Earlier this week, the Supreme Court reserved its judgment on Jallikattu, the bullock cart racing conducted in Tamil Nadu, and pointed out the importance of questions put by the petitioner. One of the questions was whether Jallikattu can be a cultural right. While the court will clarify if the race could be termed as a cultural right, it is pertinent to understand what a cultural right is.
Jallikattu is a traditional sport played in Tamil Nadu, where a bull is released in the crowd and people have to grab the hump of the bull in order to tame the animal.
The Indian Constitution does not state a black and white definition of a cultural right. However, Article 29 states that minorities residing in India have a right to conserve their language, script and culture. Article 29 is usually interpreted as minority rights and Article 51A mentions the value and preservation of the composite culture as a fundamental duty.
The Constitution adopted different approach to tribal communities due to the diversity and scattered communities residing in India. Article 371 and its sub clauses read with Schedule 6 of the Indian Constitution permits self-governance in accordance to the customary laws of certain states. States not mentioned under Schedule 6 are covered under Schedule 5 instead, where scheduled areas could be created to protect the interest of communities.
The Supreme Court had passed the judgment on the matter earlier, protecting the bulls from violence and stated that they cannot be treated as “performing animals”. This ruling was however, challenged and the question of culture and custom re-opened the case to a judicial review.
The Jallikattu ruling laid down the precedent of a judgment passed in 2002, N. Adithayan vs The Travancore Devaswom Board. The 2002 ruling dealt with the appointment of a Malyala brahmin, as a priest in a temple in Kerala. The questions of culture and customs arose and the top court ruled that, “No usage which is found to be pernicious and considered to be in derogation of the law of the land or opposed to public policy or social decency can be accepted or upheld by Courts in the country.”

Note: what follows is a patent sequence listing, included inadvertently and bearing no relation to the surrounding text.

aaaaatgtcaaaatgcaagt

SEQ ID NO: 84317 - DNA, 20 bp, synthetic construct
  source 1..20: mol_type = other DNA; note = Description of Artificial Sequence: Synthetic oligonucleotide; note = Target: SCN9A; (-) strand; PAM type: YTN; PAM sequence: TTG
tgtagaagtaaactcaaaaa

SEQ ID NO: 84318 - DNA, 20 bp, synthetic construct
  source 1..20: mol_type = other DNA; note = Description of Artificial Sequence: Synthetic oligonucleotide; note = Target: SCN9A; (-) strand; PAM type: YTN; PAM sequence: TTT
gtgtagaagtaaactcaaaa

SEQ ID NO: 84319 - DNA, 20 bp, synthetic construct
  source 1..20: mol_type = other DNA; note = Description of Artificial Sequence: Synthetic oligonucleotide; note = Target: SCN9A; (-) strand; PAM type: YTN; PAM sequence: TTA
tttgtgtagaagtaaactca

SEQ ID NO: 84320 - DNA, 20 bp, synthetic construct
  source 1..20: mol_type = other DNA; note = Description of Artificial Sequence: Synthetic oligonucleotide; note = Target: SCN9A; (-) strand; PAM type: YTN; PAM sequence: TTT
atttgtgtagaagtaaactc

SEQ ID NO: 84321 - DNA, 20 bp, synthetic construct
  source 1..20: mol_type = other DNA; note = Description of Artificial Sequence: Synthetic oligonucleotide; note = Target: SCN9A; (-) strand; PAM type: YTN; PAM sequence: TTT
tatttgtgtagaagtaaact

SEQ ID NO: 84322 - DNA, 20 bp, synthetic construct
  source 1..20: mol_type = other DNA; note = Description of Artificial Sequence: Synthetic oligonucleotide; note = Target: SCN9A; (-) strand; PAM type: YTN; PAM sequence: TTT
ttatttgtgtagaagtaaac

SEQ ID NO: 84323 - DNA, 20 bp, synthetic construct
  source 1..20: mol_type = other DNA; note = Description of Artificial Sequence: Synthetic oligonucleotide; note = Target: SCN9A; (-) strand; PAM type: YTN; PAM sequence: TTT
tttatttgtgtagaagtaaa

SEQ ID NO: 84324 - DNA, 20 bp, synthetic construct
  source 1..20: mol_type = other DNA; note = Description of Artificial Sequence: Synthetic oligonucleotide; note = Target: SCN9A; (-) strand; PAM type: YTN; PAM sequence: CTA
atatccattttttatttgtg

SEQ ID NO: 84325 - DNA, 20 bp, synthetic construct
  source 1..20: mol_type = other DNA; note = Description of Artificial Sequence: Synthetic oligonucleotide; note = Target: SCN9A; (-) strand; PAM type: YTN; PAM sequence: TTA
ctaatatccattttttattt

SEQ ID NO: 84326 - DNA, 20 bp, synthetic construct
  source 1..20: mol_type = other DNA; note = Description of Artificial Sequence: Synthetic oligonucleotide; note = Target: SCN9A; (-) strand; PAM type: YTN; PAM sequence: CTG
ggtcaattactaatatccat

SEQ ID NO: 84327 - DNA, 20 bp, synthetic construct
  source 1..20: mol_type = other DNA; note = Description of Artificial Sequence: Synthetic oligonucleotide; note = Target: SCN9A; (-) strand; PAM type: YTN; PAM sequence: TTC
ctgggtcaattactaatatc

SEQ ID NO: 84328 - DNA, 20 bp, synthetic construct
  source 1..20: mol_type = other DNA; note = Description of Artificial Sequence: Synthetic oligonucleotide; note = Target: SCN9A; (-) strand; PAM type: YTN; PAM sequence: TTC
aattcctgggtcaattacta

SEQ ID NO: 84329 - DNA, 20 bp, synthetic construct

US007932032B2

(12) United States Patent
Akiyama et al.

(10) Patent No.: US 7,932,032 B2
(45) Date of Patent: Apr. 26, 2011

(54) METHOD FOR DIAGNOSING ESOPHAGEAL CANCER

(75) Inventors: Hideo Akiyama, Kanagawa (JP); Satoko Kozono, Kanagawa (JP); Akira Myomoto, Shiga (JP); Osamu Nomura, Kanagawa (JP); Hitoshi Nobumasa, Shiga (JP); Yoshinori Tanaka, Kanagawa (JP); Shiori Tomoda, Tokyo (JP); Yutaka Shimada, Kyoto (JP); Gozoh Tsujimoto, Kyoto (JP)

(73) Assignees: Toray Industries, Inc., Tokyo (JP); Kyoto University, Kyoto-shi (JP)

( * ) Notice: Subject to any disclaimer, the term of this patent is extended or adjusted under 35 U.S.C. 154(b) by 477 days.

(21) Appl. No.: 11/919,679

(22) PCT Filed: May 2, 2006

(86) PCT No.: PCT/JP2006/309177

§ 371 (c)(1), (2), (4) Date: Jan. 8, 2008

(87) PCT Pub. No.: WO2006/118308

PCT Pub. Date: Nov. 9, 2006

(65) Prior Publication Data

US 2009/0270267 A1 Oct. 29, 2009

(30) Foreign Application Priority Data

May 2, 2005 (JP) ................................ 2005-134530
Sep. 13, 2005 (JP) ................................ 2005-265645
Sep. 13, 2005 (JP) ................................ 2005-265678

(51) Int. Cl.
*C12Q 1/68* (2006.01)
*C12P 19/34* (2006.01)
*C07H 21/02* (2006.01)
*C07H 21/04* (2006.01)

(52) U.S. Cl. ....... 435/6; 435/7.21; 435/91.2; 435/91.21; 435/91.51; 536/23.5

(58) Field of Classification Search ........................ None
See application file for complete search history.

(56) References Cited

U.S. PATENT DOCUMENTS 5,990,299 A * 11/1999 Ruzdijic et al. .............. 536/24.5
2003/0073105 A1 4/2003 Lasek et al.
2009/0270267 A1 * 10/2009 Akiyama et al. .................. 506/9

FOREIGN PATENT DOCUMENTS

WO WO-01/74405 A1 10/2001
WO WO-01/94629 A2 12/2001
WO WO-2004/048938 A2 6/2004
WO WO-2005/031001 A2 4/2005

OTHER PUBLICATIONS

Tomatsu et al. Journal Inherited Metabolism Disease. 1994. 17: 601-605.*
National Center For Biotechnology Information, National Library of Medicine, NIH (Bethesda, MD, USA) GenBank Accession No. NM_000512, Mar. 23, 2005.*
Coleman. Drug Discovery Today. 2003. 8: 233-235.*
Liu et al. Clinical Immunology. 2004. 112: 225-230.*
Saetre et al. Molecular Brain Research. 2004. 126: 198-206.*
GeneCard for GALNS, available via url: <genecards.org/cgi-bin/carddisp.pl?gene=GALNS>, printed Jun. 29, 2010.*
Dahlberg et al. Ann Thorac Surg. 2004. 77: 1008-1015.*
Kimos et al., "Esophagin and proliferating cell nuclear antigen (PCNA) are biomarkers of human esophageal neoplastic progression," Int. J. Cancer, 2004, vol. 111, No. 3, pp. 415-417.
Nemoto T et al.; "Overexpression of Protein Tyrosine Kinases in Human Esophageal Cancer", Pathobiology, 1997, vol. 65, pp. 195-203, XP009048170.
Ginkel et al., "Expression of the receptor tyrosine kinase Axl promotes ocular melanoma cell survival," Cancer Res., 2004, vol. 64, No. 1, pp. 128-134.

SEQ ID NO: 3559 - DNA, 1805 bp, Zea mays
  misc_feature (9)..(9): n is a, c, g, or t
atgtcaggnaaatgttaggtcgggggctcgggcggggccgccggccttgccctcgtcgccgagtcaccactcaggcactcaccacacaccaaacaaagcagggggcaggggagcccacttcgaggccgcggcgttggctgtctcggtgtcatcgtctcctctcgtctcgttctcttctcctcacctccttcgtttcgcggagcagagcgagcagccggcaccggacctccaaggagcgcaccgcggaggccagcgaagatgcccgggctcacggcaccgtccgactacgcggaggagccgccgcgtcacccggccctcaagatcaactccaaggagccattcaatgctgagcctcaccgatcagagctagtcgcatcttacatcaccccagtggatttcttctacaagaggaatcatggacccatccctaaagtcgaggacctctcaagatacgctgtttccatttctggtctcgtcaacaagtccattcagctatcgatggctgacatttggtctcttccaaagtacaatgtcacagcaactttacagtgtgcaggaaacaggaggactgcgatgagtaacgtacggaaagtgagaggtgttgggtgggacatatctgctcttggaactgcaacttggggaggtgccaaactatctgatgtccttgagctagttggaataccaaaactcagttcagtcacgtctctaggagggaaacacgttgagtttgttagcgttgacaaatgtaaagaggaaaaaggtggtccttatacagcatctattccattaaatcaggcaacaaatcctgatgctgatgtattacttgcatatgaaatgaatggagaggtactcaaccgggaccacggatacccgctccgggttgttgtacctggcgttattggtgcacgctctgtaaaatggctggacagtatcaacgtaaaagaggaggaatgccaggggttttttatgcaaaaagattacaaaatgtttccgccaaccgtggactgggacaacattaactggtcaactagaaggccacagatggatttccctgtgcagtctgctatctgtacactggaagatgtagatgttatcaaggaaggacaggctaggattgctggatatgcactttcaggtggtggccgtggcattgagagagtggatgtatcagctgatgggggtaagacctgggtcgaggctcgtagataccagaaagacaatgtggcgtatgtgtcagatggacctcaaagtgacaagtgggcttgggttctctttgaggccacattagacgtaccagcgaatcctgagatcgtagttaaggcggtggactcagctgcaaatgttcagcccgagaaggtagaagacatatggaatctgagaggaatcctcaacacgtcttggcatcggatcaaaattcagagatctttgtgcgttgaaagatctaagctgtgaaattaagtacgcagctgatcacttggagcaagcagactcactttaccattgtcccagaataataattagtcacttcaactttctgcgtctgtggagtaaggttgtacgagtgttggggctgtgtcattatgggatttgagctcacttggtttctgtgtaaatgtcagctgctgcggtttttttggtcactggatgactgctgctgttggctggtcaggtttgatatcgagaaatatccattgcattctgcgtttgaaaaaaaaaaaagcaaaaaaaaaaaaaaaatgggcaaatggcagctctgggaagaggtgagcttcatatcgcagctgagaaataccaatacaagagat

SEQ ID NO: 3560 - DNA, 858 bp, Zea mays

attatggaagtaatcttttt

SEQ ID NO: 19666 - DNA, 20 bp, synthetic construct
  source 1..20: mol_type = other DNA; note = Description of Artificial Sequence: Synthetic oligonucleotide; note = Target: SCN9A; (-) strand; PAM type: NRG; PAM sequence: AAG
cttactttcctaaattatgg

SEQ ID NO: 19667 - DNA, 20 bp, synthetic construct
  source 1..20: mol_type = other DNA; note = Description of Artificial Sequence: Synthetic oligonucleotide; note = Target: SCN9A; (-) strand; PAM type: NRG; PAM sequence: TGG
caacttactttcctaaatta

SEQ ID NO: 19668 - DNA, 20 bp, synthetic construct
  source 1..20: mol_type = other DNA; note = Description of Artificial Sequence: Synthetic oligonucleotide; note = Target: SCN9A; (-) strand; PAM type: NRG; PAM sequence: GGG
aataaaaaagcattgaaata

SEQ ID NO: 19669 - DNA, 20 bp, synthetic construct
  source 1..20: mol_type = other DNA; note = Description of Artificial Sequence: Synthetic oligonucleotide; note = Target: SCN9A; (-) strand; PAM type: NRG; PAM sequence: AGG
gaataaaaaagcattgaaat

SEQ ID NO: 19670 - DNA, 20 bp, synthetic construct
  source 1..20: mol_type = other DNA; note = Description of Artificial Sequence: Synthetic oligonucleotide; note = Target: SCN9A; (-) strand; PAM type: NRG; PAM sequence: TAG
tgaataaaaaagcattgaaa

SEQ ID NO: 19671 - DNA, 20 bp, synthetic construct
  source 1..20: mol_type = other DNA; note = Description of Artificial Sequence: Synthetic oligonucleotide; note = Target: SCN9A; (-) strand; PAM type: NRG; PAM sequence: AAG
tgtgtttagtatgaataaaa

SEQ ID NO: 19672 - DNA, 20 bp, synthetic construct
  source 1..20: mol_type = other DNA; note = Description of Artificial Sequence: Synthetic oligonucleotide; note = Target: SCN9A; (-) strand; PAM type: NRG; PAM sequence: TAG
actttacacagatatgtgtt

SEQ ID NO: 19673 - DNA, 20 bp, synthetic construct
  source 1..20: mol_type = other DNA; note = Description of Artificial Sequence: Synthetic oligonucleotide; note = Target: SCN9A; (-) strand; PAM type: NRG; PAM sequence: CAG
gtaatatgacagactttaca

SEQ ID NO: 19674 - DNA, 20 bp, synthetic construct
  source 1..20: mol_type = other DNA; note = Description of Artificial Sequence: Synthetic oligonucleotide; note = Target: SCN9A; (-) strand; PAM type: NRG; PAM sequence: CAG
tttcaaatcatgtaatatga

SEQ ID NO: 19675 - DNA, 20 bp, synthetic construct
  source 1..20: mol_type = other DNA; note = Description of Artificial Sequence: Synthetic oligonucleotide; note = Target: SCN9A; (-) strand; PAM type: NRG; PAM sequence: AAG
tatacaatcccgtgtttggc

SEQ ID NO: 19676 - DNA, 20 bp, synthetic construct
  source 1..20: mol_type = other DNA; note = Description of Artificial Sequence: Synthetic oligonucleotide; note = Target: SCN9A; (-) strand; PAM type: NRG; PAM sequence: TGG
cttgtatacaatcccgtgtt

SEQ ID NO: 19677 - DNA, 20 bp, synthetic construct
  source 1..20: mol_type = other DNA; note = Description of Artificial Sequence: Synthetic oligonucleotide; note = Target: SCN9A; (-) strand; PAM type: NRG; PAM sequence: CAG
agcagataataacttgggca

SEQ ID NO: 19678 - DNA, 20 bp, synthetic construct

Following the precedent laid down in the Jallikattu judgment in 2016, the Andhra Pradesh High Court passed a ruling prohibiting cockfight in the state. The court held, “Tradition is not a justification for cruelty towards animals. A cruel tradition should never be allowed to define a culture. Traditions, can and must- evolve. Traditions, such as cockfights, have no religious sanction or significance as it is a pursuit for economic gain to reap maximum monetary benefits through animal exploitation inflicting unnecessary pain on them. It is nothing but an evil practice.”
A nation is influenced by its history, literature and fine arts and these factors mould the laws and law-making process.
In the words of Justice Mukul Mudgal, “The influence may not be immediately tangible, discernible, or direct, but it exists. For instance, an outcry against excessive violence and sex in films leading to stricter censorship laws is just an expression of culture prevailing upon the laws. The changes in law are, however, slow and generally lag behind the social and cultural responses. Manifestation of culture in this way is a fairly accurate barometer of the social response to a situation which has become intolerable or overbearing.”
Due to lack of a concrete definition, the term ‘cultural right’ is open to various interpretations and India is strongly driven by societal norms and culture.